By Caroline Bienert
Mindfulness (an awareness of whatever is happening in our lives) is a term that is becoming increasingly popular these days. Mindful eating, or being in the present moment while we eat, is crucial to enjoying food AND to losing any excess weight you may be carrying around. Mindful eating enables you to stay focused on what is going on in your mouth (where your taste buds are located) and in your stomach (so you can notice your body’s signals that you have had enough to eat).
In order to eat mindfully, you have to put all of your attention on the food so that you can savor its flavor, texture, and taste and enjoy the eating experience. You can’t really enjoy food that you haphazardly shovel into your mouth while you feed the baby or read the back of the cereal box, check your email or talk on the phone! This is a real challenge though given the fast paced society that we live in where most people don’t actually stop what they are doing in order to eat their meals without distractions.
Even if you get rid of all the physical distractions while you eat – these include your phone, television, paper, email, computer, etc, you may find that you are still distracted by your thoughts and/or conversations with others. To help you stay connected (or reconnect) to your meal and slow things down, try these techniques when you eat:
• The “fork rule”—if you have food in your mouth, you don’t want to have food on your fork (or other utensil) or in your hand. This is important because if you have another bite of food ready to go, your attention will be on the food in your hand or on your fork, NOT on the food in your mouth. Using the fork rule will slow down your eating pace and increase the enjoyment you get from the food.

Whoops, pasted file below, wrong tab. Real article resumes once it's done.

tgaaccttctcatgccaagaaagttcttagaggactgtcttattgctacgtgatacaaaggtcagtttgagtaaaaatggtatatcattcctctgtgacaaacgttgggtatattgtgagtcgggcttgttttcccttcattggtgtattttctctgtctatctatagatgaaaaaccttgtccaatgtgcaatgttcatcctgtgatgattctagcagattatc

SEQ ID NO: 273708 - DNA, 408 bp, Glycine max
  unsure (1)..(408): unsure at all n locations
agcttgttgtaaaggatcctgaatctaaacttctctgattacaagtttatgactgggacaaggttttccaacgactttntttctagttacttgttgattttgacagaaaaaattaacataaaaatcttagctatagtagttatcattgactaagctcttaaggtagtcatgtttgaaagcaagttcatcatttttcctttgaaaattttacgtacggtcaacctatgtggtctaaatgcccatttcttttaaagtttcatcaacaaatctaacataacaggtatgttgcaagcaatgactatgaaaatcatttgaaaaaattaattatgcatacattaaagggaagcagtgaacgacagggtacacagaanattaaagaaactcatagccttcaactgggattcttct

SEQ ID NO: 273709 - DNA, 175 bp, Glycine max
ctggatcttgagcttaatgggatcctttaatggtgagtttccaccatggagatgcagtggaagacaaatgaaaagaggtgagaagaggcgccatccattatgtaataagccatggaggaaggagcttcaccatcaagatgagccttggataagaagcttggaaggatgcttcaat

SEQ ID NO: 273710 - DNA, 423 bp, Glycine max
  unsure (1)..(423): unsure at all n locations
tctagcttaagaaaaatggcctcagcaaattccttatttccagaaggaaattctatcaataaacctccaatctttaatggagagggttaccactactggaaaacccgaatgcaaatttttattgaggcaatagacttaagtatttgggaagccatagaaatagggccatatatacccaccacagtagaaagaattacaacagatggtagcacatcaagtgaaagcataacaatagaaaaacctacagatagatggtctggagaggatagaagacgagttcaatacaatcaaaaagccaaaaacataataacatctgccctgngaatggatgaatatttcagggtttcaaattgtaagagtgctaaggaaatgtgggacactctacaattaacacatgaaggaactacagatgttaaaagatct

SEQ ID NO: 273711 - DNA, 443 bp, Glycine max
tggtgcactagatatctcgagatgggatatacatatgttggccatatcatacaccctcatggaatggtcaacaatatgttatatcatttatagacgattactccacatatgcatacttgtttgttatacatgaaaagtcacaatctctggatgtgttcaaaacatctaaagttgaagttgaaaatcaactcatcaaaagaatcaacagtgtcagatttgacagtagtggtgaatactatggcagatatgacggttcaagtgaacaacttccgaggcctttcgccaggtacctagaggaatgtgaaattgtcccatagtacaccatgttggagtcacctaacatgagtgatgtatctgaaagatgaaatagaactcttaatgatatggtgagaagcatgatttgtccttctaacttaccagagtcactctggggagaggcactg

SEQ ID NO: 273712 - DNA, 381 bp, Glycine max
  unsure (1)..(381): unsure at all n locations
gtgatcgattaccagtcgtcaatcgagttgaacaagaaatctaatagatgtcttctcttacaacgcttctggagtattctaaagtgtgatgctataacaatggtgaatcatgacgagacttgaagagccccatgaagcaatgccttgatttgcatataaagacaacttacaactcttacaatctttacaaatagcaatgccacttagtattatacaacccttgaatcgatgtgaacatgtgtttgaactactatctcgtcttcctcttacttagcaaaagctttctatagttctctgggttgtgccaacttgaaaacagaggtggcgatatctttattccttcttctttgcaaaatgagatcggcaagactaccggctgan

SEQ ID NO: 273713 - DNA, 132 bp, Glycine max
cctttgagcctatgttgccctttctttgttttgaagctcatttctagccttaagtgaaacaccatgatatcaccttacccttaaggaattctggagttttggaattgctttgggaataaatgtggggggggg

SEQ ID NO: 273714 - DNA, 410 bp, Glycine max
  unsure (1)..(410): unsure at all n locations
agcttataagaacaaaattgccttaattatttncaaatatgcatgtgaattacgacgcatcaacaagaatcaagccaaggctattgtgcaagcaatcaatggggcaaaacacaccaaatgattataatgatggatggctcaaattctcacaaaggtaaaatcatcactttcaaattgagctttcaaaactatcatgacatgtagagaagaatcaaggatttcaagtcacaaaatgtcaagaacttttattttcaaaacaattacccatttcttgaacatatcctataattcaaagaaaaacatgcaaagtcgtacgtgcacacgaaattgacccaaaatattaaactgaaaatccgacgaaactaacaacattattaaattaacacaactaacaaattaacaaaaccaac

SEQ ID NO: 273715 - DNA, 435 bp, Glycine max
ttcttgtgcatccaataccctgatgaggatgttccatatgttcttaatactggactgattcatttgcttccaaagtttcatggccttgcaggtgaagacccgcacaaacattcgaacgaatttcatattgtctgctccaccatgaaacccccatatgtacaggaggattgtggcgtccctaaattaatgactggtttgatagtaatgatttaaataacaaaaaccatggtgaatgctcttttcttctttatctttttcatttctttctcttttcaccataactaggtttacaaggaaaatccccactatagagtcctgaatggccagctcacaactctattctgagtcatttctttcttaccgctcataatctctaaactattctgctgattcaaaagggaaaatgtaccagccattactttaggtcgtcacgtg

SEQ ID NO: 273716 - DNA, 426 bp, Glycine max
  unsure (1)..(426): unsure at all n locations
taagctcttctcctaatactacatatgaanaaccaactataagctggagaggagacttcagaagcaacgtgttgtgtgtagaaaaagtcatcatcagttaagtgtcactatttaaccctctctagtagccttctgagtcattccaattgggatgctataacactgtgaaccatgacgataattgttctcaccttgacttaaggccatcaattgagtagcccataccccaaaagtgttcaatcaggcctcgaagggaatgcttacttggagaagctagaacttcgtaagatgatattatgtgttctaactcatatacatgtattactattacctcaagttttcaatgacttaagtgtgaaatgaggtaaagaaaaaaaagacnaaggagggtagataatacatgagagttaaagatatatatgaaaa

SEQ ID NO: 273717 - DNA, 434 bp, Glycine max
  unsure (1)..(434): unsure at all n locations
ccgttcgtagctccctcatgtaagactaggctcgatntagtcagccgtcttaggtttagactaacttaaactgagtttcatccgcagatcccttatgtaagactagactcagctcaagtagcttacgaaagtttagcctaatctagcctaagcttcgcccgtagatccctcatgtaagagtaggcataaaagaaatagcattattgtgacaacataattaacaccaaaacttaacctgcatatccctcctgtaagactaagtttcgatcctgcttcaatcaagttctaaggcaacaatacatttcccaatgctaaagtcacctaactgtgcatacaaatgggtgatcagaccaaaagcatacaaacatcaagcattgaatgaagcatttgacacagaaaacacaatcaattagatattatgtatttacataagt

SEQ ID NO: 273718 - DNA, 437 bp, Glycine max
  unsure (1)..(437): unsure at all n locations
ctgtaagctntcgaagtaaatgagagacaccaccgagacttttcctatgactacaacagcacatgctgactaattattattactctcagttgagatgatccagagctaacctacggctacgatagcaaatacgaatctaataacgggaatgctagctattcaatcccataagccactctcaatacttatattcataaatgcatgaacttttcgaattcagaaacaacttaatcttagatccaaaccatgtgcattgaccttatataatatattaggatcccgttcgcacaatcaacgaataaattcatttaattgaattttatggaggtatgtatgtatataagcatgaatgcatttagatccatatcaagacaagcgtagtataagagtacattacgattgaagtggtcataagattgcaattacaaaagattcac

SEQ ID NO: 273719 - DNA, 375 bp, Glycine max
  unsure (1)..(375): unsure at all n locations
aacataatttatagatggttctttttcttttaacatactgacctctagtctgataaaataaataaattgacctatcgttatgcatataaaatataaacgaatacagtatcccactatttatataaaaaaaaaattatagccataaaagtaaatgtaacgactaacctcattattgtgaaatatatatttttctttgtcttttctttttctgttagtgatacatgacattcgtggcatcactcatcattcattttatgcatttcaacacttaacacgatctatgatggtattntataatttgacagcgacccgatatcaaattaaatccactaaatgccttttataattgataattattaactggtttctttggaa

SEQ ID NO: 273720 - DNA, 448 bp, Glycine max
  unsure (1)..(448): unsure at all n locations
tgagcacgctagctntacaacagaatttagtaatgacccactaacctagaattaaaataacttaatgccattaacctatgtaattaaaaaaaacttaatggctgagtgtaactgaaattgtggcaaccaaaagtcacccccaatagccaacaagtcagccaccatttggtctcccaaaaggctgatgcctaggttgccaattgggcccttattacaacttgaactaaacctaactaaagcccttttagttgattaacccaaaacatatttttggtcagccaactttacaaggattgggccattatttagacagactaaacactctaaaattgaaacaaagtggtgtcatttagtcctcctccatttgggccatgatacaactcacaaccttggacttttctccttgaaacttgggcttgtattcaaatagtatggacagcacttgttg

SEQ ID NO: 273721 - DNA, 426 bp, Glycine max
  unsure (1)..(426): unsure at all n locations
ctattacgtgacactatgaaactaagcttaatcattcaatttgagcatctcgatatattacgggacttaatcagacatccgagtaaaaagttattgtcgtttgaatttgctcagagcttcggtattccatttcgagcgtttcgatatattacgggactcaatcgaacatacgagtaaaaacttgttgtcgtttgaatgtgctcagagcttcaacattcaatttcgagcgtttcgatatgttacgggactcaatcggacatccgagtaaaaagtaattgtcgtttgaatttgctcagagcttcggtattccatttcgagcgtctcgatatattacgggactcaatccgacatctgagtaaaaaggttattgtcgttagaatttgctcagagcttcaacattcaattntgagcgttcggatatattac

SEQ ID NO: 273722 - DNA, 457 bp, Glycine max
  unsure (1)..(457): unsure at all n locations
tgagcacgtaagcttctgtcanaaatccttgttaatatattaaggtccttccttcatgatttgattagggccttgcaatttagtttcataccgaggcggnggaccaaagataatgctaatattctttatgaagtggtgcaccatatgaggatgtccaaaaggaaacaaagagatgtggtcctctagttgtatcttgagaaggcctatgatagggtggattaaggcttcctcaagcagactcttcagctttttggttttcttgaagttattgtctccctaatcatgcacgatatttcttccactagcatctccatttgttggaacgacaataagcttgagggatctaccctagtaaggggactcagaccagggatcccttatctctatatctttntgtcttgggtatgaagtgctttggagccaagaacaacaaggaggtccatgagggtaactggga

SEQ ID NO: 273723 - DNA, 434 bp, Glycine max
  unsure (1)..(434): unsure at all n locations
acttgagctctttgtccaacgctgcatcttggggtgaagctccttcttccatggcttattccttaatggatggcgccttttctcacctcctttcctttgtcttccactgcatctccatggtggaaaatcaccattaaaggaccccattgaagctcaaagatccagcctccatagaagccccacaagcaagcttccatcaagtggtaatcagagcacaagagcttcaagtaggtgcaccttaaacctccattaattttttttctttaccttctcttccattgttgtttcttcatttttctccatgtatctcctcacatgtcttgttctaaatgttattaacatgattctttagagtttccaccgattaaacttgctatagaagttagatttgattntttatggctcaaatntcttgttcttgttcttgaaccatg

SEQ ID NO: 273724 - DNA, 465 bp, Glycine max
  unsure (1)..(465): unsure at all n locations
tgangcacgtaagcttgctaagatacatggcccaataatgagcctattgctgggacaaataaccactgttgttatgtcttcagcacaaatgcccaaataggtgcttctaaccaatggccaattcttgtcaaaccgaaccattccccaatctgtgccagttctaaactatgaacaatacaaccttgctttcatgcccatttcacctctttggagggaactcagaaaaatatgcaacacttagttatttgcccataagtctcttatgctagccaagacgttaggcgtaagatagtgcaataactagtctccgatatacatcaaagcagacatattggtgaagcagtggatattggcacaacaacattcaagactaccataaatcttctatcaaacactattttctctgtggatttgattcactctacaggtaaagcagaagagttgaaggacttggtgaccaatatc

• Divide the food on your plate into at least four sections and after you finish each section, take a minute to pause and check in with your hunger. This technique is a great way to prevent you from finishing all your food on autopilot. For example, cut a burger or sandwich or fish fillet into quarters. Every time you finish eating one section of the food, you will have a visible reminder to put down your fork, take a deep breath and check in with yourself. It is essential that you create moments to pause throughout the meal in order to reconnect to the eating experience—to make sure you are still tasting and enjoying the food and to check in with your stomach to see if you are still hungry. By creating divisions in your food, you will also be reminded to not think of your food as a “single unit”. You don’t want to assume that if you start eating a food that comes in a single “unit” that you have to finish it! For example: if you are eating pizza, while one slice of pizza might not be enough to satisfy you, two slices may leave you too full. One and a third slice may be the sweet spot! However, if you in the habit of always finishing a slice once you start eating it, then you will not notice when you have had enough part way through it.
• Lastly, you want to chew your food very thoroughly. Throughout each meal, occasionally check in on the food in your mouth and aim to chew it at least 10-15 times before swallowing. If you are constantly moving through the day at a very fast pace, it can be hard to break your momentum and slow down to eat your meals. It is amazing how automatically you will swallow large pieces of food – often even after just 1 or 2 chews. While it is unrealistic to expect yourself to chew every bite of food in your mouth very thoroughly, you can try to do so every so often during your meal. There are many benefits to chewing your food this way:
• You will slow down your eating pace – this will give you more time to digest your food and your system is able to produce the digest enzymes and possibly notice you are satisfied by less
• You will enjoy the food more – think about it, you only have taste buds in your mouth so the longer you keep the food there, the more enjoyment you will get
• You will improve your digestion and absorb more nutrients since the food is further broken down in your mouth
Now when you first start implementing these techniques into your meals, you may feel like you have to be hyper-focused to follow them. However, if you continue to practice them, they will become second nature with time and will greatly increase the pleasure you get from eating smaller portions of food.